One aspect of living in a developing country that is far outside the experience of most Americans is having full-time household help. In a place where you must boil and filter your water and soak your vegetables in bleach—and where you cannot simply call the pizza man to deliver dinner—it helps to have assistance at home while you work long hours at the office. You give up some privacy, but in exchange you get a front row seat into the local culture. But sometimes that experience is so out of the ordinary that you cannot even begin to grasp what you’re involved with….
We arrived in Dar es Salaam, Tanzania, in July 1994 on our third overseas posting. We went a little overboard hiring people and found ourselves with a gardener, a nanny, a housekeeper, and a cook. Andrew the cook was about fifty years old and originally from Malawi. He had a young wife and a small daughter, and they occupied the servants’ quarters. Aside from cooking our dinner and preparing lunch for our daughters, Andrew also prepared a simple meal at noontime for the rest of the domestic staff.
For the first few months my husband, Jim, did not yet have a job, so he was around the house a great deal and quite involved in household operations. Being a great cook himself, he kept a close eye on Andrew’s activities and didn’t hesitate to critique his efforts. Jim also was concerned that kitchen tools be used properly—and had to tell Andrew that it was not acceptable, for example, to pry things open with the tips of the Henckels knives. I think Andrew did not feel he was getting the respect that he felt he deserved. He did have one agenda item though—he wanted us to find a housekeeping job for his wife and had asked me about this several times. His wife had no previous experience however and wasn’t a likely candidate.
One Friday I traveled to Zanzibar for the day to look after Embassy property there. When I returned that evening Jim had a story to tell me. In the afternoon he had found our housekeeper, David, lying on the laundry room floor, his eyes rolled back in his head and groaning in pain. Jim put David in the car, found his relatives, and got him medical attention.
On Saturday, Andrew came to us and said that since David was going to die, we should hire his wife as our housekeeper. Remarkably, our suspicions were not aroused by this announcement. David recovered and was back at work a week later.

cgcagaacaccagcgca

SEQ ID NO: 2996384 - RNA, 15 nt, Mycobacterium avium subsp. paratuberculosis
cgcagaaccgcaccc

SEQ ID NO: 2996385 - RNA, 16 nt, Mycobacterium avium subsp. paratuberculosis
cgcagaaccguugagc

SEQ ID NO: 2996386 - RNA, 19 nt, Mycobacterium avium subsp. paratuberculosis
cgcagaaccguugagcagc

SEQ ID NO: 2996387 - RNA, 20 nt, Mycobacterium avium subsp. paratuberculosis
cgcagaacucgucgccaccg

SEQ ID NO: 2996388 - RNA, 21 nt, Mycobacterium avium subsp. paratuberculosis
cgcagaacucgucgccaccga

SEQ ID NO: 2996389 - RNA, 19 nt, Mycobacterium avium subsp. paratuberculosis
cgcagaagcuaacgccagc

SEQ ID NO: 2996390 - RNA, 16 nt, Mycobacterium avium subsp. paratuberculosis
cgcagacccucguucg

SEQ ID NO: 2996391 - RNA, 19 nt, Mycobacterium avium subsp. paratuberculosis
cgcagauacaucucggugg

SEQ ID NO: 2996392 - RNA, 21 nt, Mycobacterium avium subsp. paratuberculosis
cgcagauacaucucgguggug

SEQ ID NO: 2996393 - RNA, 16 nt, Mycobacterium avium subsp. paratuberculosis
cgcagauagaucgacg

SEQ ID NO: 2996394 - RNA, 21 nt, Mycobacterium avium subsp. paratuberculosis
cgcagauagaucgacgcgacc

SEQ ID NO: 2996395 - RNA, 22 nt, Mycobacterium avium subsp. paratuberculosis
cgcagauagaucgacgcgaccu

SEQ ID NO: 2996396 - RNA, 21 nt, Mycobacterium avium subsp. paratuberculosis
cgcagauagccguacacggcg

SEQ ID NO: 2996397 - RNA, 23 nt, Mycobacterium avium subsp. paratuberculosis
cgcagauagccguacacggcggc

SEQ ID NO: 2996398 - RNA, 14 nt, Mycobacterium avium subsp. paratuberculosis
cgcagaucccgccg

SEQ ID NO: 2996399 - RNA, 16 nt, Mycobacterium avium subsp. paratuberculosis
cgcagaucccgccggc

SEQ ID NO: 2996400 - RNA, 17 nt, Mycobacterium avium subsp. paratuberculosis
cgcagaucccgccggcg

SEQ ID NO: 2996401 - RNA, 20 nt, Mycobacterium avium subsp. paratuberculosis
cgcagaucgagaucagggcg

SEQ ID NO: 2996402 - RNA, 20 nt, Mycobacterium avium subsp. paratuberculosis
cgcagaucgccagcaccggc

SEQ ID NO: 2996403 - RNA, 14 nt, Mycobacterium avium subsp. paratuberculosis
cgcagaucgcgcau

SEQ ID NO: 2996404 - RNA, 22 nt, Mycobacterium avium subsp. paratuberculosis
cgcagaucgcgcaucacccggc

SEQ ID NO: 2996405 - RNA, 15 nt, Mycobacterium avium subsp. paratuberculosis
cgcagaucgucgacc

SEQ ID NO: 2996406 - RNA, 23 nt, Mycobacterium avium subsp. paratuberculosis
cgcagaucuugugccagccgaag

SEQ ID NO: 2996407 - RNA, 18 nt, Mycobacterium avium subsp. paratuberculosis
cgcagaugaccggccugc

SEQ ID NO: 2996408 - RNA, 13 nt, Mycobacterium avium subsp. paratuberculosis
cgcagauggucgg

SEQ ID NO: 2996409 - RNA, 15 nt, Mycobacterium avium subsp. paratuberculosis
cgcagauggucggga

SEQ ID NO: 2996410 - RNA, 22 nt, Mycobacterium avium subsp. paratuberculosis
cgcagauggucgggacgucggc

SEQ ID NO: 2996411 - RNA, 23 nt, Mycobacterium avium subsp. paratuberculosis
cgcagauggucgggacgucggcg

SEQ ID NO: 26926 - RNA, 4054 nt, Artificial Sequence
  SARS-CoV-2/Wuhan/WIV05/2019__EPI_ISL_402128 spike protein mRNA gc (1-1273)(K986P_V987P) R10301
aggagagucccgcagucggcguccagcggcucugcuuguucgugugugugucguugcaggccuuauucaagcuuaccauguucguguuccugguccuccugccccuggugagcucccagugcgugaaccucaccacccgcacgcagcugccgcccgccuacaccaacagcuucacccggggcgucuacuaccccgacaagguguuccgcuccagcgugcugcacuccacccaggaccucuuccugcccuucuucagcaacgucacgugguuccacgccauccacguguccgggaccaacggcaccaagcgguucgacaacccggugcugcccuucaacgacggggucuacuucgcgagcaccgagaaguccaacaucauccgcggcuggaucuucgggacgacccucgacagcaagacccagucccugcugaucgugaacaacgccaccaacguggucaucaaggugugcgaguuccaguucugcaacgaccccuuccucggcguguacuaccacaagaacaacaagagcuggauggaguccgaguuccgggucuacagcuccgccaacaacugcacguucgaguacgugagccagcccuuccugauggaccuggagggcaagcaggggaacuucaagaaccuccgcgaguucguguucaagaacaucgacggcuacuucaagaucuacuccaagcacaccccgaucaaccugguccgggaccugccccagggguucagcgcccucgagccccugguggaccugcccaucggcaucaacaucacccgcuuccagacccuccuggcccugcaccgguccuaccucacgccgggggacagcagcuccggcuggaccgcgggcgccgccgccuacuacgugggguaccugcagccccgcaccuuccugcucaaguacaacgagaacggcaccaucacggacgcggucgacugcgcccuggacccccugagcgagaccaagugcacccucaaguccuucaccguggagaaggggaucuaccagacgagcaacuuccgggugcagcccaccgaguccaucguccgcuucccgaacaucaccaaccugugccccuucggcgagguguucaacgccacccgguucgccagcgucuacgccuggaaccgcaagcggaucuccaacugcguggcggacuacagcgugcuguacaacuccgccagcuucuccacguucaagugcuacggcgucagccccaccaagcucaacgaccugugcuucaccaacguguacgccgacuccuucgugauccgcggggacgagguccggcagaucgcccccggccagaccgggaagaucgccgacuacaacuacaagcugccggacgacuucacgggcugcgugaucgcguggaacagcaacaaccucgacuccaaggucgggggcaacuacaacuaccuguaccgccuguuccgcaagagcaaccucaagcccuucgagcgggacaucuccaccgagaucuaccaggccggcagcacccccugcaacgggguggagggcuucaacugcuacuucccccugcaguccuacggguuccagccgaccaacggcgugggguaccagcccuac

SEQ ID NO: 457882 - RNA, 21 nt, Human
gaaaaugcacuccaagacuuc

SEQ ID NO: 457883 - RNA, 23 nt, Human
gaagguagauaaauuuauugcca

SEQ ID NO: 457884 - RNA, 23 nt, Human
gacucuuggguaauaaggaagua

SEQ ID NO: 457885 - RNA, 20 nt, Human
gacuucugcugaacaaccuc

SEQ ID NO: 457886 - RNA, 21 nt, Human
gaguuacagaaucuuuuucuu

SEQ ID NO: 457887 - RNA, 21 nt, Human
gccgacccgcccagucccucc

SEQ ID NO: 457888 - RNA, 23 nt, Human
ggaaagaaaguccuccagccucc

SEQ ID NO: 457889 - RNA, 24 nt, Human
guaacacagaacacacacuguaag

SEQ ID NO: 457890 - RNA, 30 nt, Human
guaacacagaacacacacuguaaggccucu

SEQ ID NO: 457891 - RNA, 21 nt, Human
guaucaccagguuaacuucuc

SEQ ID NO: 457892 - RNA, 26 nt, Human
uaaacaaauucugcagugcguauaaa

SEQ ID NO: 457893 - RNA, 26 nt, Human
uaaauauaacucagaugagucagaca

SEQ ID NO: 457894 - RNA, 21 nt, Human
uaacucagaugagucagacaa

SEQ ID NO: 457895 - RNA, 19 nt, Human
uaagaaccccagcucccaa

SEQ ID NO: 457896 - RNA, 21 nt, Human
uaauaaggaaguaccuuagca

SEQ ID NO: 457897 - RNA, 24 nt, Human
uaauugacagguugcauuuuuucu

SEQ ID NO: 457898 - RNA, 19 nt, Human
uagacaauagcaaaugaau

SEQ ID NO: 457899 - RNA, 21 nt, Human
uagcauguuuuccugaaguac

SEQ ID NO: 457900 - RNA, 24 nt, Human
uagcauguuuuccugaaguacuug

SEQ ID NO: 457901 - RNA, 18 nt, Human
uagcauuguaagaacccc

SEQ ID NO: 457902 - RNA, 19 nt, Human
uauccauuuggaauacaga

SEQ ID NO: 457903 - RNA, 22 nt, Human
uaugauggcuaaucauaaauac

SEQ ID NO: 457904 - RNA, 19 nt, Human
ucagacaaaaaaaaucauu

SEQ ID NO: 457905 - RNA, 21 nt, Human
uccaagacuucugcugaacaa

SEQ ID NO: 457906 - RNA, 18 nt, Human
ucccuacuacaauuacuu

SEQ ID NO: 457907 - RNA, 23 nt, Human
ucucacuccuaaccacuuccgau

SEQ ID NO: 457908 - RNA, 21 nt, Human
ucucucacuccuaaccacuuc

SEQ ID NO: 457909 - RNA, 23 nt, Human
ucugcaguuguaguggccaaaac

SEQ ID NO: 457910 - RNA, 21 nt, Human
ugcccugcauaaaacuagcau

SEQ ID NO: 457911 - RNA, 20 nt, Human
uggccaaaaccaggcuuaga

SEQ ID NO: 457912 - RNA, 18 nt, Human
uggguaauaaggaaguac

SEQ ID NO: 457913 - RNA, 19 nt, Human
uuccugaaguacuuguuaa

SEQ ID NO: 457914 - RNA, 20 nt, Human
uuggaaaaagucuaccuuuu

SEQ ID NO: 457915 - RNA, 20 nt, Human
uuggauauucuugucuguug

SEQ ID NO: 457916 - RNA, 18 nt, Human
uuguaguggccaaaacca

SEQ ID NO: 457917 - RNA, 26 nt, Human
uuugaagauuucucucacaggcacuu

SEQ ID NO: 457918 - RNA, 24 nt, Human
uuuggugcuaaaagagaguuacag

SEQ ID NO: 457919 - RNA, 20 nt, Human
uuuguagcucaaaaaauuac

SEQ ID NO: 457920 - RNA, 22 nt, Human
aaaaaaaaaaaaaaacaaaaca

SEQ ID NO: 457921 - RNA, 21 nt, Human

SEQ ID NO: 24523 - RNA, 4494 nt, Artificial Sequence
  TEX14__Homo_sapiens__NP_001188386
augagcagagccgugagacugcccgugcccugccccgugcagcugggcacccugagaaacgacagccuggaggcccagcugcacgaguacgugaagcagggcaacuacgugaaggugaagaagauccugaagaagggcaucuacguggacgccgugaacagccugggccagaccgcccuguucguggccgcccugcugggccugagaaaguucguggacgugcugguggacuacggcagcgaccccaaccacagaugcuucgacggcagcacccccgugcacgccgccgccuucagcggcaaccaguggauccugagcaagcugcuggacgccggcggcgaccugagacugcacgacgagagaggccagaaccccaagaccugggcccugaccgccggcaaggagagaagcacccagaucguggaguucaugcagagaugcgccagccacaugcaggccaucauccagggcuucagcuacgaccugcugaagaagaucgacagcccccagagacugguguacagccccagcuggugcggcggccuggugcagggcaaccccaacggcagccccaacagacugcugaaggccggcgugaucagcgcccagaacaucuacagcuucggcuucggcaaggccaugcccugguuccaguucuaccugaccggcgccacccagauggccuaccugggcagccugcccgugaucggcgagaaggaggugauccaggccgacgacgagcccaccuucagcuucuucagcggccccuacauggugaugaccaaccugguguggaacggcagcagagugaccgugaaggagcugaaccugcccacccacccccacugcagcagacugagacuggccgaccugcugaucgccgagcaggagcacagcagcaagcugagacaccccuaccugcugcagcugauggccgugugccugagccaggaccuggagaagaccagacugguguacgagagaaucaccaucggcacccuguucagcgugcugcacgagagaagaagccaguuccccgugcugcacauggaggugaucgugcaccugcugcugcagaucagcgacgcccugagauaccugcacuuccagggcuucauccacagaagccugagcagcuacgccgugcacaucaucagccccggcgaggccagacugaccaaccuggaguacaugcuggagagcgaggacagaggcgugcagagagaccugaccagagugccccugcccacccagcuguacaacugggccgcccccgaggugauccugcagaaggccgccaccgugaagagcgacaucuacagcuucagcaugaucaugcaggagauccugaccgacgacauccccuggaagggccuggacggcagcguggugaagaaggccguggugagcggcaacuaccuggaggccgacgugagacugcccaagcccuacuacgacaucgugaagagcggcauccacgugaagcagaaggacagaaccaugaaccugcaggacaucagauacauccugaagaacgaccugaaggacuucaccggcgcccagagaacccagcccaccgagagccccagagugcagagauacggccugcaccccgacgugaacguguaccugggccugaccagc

On Monday the nanny and the gardener refused to eat Andrew’s cooking. They informed Jim that Andrew was a “witch.” We didn’t get it. We were, however, completely disenchanted with Andrew and this latest development made him even less useful. We decided to fire him. We gave him the bad news that evening and asked him to move out of the quarters. He took it badly and refused to go. We had to get the embassy’s guard contractor to remove him.
With Andrew gone, we offered the quarters to our nanny. She didn’t want to move and made many excuses. We wanted her nearby to be able to baby-sit some evenings and after two weeks she finally agreed. She told us on Friday that she’d come and clean the place out on Sunday and then move on Monday. On Saturday we had a Halloween party for the embassy children, complete with trick or treating. We carved two small jack-o-lanterns for the occasion. We spent all day Sunday away from home and didn’t see our nanny at all.
On Monday morning the nanny came to work and announced that she couldn’t move into the quarters. There was a problem. She was reluctant to talk about it. After much persuasion she admitted that the problem was with the rooms themselves. She took Jim inside. At first he didn’t see anything, but she called his attention to small amulets—little strings of beads, tiny pouches of animal skin—hanging from window and door handles. She said these were evil things left by the witch to prevent anyone else from living there. We had a “juju”—black magic—problem.
I went to work and consulted my staff. My story was met with horrified silence. Finally someone said I should see the security office. They called the guard contractor, who sent a special person they had on staff to deal with these contingencies. Jim called later to report that he and the juju-buster removed all the amulets, burned them outside the gate, and buried the ashes. As they were removing the items, our helper asked Jim if he believed in juju. Jim said no and the man said he didn’t either, but that you had to be careful with amulets because witches used real poisons, such as pesticides like arsenic, in them.
At lunchtime I went home and was puzzled to find Andrew’s wife at the gate. The nanny was clearly upset, but had a lame story about how she had come to collect money due for making bread. It was clear to us that the story was out that the “magic” had been found and that the wife was there to check it out. Jim angrily sent her away—and then was seized with an inspiration. He grabbed the two jack-o-lanterns, set them on the spikes of our property gate, and told the guards that this was special “mzungu”—foreigner—juju to keep “witches” away. Jim told them they must keep the candles inside burning, and they enthusiastically did so until the pumpkins rotted away. We learned later that any “magic” that foreigners did was considered to be very powerful—after all, we were “rich” and could afford the really good stuff! We were not bothered by witches again—but we did notice all pedestrians giving our gate wide berth as they passed.
A former U. S. Peace Corps volunteer in Paraguay, the author and her family have served abroad in India, Tanzania, Pakistan, Mexico, and Botswana. She has earned degrees from the University of Virginia and the American Graduate School of Management.